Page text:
- Google’s tensorflow (Seminal open source library for AI and ML) improved Airbnb’s customer experience (through object detection).
- GE Healthcare trained AI, used the tensorflow library to detect brain MRIs.
- IBM meanwhile has been working patiently on introducing quantum computing infrastructure for the future; Qiskit runtime, an open-source framework for developing and running quantum (& classical) computations.
Businesswire (Berkshire Hathaway company) has forecasted the Open Source - Services Market to grow at a CAGR of ~21.75% with an expected value of $66.84 billion by 2026. This paints a promising future for the open-source movement.
Rapidly evolving stacks for AI & ML
AI was coined by Marvin Minsky and John Mcarthy in the 1950s. It has been an uphill climb, developing science and accumulating investments in the field since. Perhaps the great explosion of data and Terabytes worth of information streaming across the network have uniquely encouraged the adoption of ML, a precursor to AI. For the CXO today, large providers are also offering AI and machine-learning capabilities to enterprises through the cloud. The outcomes are clearly defining the present, and will compound in future.
- In 2017, McKinsey Global Institute forecasted automation would save as high as $15 trillion for the global economy in wages.
- GPT-3 (OpenAI’s autoregressive, deep-learning language model) generated over 4.5 billion words per day in March, 2021.
A booming Blockchain market
Blockchain infrastructure platform-as-a-service (PaaS) are providing access to critical infrastructure that powers blockchains, such as dev-tools and nodes, along with the underlying protocols needed to operate systems, such as cloud storage and security.
Web3 has allowed users to read, write and own parts of the project. This is a sign of IT infrastructural changes across sectors today, and its arrival is inevitable for the leaders tomorrow.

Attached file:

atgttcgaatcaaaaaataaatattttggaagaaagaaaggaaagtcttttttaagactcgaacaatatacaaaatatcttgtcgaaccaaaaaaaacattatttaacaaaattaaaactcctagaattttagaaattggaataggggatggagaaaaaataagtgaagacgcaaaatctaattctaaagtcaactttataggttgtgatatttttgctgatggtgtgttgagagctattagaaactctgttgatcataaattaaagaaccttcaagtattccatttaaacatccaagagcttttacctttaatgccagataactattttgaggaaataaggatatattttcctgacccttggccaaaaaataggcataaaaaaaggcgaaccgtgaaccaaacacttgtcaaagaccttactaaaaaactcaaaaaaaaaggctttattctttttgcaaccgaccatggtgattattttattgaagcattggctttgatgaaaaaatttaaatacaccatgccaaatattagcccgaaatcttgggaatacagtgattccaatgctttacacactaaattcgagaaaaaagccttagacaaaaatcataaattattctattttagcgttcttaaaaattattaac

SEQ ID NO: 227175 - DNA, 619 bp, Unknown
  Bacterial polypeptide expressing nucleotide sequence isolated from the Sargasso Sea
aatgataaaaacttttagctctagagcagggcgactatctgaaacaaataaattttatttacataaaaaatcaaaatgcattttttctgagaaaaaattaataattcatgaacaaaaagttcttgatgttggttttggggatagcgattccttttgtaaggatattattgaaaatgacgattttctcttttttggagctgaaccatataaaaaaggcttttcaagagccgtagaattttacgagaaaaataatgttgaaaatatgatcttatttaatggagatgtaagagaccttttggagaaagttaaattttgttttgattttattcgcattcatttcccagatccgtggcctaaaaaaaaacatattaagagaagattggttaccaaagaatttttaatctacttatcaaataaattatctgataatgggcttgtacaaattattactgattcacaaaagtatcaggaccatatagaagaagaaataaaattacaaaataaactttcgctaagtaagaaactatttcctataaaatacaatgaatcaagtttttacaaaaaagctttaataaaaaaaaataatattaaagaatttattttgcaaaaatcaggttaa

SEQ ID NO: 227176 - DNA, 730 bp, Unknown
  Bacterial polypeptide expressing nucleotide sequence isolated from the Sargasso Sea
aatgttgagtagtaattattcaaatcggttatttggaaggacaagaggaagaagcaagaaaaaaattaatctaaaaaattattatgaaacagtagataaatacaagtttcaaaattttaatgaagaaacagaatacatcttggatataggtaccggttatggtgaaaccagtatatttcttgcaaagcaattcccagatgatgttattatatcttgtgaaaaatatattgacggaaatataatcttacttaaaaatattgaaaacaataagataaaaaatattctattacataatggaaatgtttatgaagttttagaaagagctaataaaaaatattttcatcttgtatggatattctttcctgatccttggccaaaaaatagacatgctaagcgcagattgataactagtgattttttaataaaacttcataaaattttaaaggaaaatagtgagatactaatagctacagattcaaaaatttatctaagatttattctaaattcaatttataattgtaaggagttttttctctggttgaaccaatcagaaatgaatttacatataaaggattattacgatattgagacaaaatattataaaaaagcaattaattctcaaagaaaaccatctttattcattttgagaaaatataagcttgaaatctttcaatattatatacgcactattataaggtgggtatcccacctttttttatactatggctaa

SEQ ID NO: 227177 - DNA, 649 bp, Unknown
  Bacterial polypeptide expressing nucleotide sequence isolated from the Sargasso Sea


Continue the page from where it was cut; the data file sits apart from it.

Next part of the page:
- In 2021 Tanla, and Microsoft released Wisely, a blockchain based omni-channel communication platform. Built on Azure, it offers a single API for enterprises to collaborate with suppliers.
Today, the crypto market is valued over 1.75$ trillion dollars, and its future depends on successful, sustainable adoption of Blockchain infrastructure.
The opportunities in this sphere are still fresh, leadership pivoting their services to Blockchain can prosper with the right infrastructural backbone.
Cybersecurity is a challenge
The only challenge seems to remain cybersecurity. McKinsey estimates over 80% of tech executives believe companies do-not have a solid defence in place. Since talent in the industry is in short supply, most enterprises have to rely on managed security services. Cloud-based security offerings are still primed to occupy a larger market share in the coming years. 2021 was a defining year for investment in this sector; The problem has definitely been recognised by the VC and entrepreneurial sphere, with Cx teams budgeting for safety and robustness.
- Transmit Security, a password-less authentication service, raised $541 million dollars.
- Investors poured in a whopping $11.5 billion VC led investments into cybersecurity startups in the first half of 2021, up from $4.7 billion during the same period, a year earlier.
The last decade served a great reminder to all CIOs, to move forward with time. There is no denying the cost-effectiveness, speed and agility that modern infrastructure can bring.
Business leaders must recognise the opportunity in front; To build fundamental IT infrastructure capabilities, transform existing processes and reap the rewards of happy enterprise software customers forevermore.